She is going through a stage now that she wants to be “white”. This is a child who has always identified as a brown or tan girl. She would have tried to fight you for calling her a white girl. She asks me why she is tan, and I tell her because that is the way God made you. I tell her how beautiful she is and all the reasons why so many people wish they looked like her. Sometimes there are no answers. Sometimes you have to go with the moment and tell your child what they need to hear. This is because there are no valid reasons for our wonderful children to ever feel this way about who they are.


Biracial children’s struggles to find their identities are so very tough. Sometimes as a parent we can feel hopeless, and that is a heartbreaking feeling. I want to protect Charliegh from these hurts, but all I can do is be by her side through her journey and do my best to build her up while finding a way to keep her from hating an entire race of people for a select few’s horrendous ways, or worse, hating herself.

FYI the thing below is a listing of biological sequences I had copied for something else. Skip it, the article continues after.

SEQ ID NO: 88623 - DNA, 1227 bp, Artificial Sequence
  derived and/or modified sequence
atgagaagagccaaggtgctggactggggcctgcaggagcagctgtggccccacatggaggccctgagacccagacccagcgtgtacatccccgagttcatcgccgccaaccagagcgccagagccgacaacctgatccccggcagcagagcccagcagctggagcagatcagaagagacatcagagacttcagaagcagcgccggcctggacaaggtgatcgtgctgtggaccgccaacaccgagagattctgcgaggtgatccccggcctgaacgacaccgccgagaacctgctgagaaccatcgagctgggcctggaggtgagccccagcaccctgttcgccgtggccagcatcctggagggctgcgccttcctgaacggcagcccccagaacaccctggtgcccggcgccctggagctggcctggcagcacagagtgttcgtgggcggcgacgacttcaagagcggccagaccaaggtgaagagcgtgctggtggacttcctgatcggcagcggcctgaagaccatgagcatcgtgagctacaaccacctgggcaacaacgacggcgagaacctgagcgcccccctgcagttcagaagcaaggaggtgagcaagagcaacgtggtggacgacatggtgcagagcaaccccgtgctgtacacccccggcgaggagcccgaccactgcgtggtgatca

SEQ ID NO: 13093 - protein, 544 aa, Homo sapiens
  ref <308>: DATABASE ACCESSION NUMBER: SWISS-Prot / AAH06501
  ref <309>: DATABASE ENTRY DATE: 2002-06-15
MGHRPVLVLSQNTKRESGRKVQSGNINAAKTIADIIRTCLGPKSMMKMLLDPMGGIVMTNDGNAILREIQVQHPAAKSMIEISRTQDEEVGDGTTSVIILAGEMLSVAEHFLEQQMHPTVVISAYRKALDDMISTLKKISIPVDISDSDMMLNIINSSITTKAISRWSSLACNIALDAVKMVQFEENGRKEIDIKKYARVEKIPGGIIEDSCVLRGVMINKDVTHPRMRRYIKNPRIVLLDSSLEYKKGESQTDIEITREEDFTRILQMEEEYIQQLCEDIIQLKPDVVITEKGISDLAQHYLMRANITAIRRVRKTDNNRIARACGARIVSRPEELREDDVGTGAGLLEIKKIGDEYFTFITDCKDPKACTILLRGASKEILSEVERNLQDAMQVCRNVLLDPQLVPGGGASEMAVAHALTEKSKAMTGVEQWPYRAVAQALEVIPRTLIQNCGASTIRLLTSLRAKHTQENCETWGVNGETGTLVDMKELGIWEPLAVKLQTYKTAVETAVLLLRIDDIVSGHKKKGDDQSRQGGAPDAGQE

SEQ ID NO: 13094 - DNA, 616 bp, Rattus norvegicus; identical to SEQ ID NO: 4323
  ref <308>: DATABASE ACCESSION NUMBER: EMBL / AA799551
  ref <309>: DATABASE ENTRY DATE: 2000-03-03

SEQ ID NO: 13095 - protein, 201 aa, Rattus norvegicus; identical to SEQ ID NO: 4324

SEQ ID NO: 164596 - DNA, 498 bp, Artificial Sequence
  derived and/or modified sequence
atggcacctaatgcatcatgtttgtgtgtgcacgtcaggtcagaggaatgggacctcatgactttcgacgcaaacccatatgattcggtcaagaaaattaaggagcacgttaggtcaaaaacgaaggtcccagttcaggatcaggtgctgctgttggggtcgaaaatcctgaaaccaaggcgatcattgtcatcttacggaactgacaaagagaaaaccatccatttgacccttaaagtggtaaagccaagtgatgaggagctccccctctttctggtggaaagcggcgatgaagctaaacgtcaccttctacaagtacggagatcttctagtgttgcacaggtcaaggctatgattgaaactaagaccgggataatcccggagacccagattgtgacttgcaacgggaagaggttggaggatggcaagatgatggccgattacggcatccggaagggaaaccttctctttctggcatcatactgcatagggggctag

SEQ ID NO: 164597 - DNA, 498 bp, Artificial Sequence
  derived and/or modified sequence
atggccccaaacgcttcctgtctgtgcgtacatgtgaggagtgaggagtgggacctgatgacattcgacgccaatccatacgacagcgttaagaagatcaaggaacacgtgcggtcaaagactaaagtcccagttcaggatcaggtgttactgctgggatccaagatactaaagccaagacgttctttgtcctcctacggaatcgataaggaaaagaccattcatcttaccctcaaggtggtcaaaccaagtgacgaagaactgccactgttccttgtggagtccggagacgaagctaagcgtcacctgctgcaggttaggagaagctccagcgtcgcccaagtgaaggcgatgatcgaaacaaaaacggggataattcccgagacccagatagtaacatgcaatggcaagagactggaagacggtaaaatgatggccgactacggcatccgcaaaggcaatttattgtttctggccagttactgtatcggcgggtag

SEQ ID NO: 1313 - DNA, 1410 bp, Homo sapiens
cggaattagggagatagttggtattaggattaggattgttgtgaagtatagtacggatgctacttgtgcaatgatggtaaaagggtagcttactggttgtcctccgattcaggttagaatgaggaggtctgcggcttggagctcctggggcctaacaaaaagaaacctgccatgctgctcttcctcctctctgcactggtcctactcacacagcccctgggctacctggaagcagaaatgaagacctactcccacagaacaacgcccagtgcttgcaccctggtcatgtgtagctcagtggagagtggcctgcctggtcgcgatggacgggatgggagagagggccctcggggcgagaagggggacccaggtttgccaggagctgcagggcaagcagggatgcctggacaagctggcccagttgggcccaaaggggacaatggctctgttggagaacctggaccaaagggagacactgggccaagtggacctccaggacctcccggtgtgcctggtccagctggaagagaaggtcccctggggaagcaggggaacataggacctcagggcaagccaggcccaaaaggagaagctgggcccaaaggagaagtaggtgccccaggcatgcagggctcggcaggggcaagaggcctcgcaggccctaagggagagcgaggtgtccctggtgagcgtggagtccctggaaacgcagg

There are times that her father gets angry, rightfully so. There are times I am so heartbroken and almost ashamed for my own skin color, rightfully so. There are times I get defensive with family members for singling me out because I am white or making a comment in front of Charliegh that may be deemed raciest on either side. I mean, when something like that is said it is also insulting half of who she is. We have to be as selective about who we keep in our child’s circle as we are who we exclude from it. We will deal with racial tensions in our circles, but we can choose our battles wisely.